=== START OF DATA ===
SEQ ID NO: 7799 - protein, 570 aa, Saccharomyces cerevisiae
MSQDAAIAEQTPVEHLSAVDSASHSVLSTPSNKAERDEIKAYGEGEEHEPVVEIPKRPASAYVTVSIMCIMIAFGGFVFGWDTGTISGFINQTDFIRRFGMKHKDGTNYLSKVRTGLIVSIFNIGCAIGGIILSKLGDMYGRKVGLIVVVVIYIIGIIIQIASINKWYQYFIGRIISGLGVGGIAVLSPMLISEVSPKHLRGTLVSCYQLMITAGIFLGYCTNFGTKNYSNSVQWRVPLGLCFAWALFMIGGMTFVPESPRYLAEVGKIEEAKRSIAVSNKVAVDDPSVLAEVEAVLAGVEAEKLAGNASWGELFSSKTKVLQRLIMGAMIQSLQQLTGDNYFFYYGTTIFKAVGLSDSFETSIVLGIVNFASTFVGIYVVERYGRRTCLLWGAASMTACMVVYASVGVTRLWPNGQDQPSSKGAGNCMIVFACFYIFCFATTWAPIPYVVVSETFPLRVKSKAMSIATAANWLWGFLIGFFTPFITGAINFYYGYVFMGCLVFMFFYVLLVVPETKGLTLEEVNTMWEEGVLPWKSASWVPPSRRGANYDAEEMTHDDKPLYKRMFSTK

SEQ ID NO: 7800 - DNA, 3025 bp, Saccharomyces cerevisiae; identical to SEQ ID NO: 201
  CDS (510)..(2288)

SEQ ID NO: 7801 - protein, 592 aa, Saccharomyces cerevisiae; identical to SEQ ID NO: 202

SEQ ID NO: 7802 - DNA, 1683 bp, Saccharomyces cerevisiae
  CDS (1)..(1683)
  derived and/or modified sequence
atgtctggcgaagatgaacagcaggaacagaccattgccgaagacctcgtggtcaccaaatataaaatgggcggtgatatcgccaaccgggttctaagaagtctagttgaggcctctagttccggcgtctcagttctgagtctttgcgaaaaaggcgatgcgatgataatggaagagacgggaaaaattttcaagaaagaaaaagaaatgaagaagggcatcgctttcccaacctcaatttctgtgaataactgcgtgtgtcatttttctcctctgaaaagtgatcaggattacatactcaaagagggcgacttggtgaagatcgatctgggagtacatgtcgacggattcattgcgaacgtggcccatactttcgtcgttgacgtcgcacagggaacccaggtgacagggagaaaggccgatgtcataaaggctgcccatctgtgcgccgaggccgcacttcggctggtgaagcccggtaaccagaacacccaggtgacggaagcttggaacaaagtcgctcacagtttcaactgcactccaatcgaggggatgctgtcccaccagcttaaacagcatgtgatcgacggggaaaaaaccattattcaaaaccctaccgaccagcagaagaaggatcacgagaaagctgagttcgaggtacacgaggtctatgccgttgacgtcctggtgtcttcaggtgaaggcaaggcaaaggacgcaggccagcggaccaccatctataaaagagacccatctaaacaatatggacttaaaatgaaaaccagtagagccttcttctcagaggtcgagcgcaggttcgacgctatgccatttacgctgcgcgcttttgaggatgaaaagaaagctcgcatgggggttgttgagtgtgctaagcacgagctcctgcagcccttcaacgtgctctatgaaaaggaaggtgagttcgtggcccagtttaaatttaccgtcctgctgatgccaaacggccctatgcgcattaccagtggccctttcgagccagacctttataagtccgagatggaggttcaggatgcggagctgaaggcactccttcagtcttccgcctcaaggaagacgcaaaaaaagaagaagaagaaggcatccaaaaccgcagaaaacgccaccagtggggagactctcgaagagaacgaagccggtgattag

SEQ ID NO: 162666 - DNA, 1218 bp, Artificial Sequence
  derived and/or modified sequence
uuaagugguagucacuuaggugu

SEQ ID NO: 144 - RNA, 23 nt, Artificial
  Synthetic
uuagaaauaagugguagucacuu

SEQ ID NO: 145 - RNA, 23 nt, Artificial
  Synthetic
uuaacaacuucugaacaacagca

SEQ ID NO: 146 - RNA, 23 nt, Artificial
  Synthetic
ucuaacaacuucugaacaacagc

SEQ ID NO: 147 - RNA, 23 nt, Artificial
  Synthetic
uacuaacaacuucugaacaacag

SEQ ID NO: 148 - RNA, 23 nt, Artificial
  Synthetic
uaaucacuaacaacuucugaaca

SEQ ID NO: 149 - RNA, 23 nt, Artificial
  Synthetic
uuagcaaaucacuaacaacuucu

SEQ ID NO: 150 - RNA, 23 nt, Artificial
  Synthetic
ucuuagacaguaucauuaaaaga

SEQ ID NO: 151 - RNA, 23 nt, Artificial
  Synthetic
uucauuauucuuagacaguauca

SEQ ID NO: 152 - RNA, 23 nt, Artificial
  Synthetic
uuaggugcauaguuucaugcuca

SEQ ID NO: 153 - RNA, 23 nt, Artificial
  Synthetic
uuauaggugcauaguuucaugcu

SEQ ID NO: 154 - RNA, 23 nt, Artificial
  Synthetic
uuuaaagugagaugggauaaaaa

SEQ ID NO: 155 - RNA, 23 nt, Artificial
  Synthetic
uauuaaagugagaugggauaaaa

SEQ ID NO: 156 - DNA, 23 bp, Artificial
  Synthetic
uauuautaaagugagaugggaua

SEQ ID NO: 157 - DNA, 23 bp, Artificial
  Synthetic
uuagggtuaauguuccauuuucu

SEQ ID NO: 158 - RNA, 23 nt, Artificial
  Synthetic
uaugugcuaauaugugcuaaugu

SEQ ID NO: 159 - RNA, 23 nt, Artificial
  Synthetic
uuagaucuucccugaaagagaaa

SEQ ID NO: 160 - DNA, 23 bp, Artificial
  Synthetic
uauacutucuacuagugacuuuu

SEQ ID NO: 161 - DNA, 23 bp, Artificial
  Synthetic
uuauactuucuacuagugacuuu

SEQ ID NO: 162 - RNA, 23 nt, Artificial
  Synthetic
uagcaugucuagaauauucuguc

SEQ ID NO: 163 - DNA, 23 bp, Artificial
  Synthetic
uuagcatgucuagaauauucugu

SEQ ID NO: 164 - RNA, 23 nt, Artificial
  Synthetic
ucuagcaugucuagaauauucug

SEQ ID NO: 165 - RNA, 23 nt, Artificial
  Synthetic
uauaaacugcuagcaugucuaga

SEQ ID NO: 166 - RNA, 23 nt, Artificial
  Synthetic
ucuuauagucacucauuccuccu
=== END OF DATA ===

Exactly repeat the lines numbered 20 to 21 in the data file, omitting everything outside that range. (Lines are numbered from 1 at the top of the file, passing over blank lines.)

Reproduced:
  Synthetic
ucuaacaacuucugaacaacagc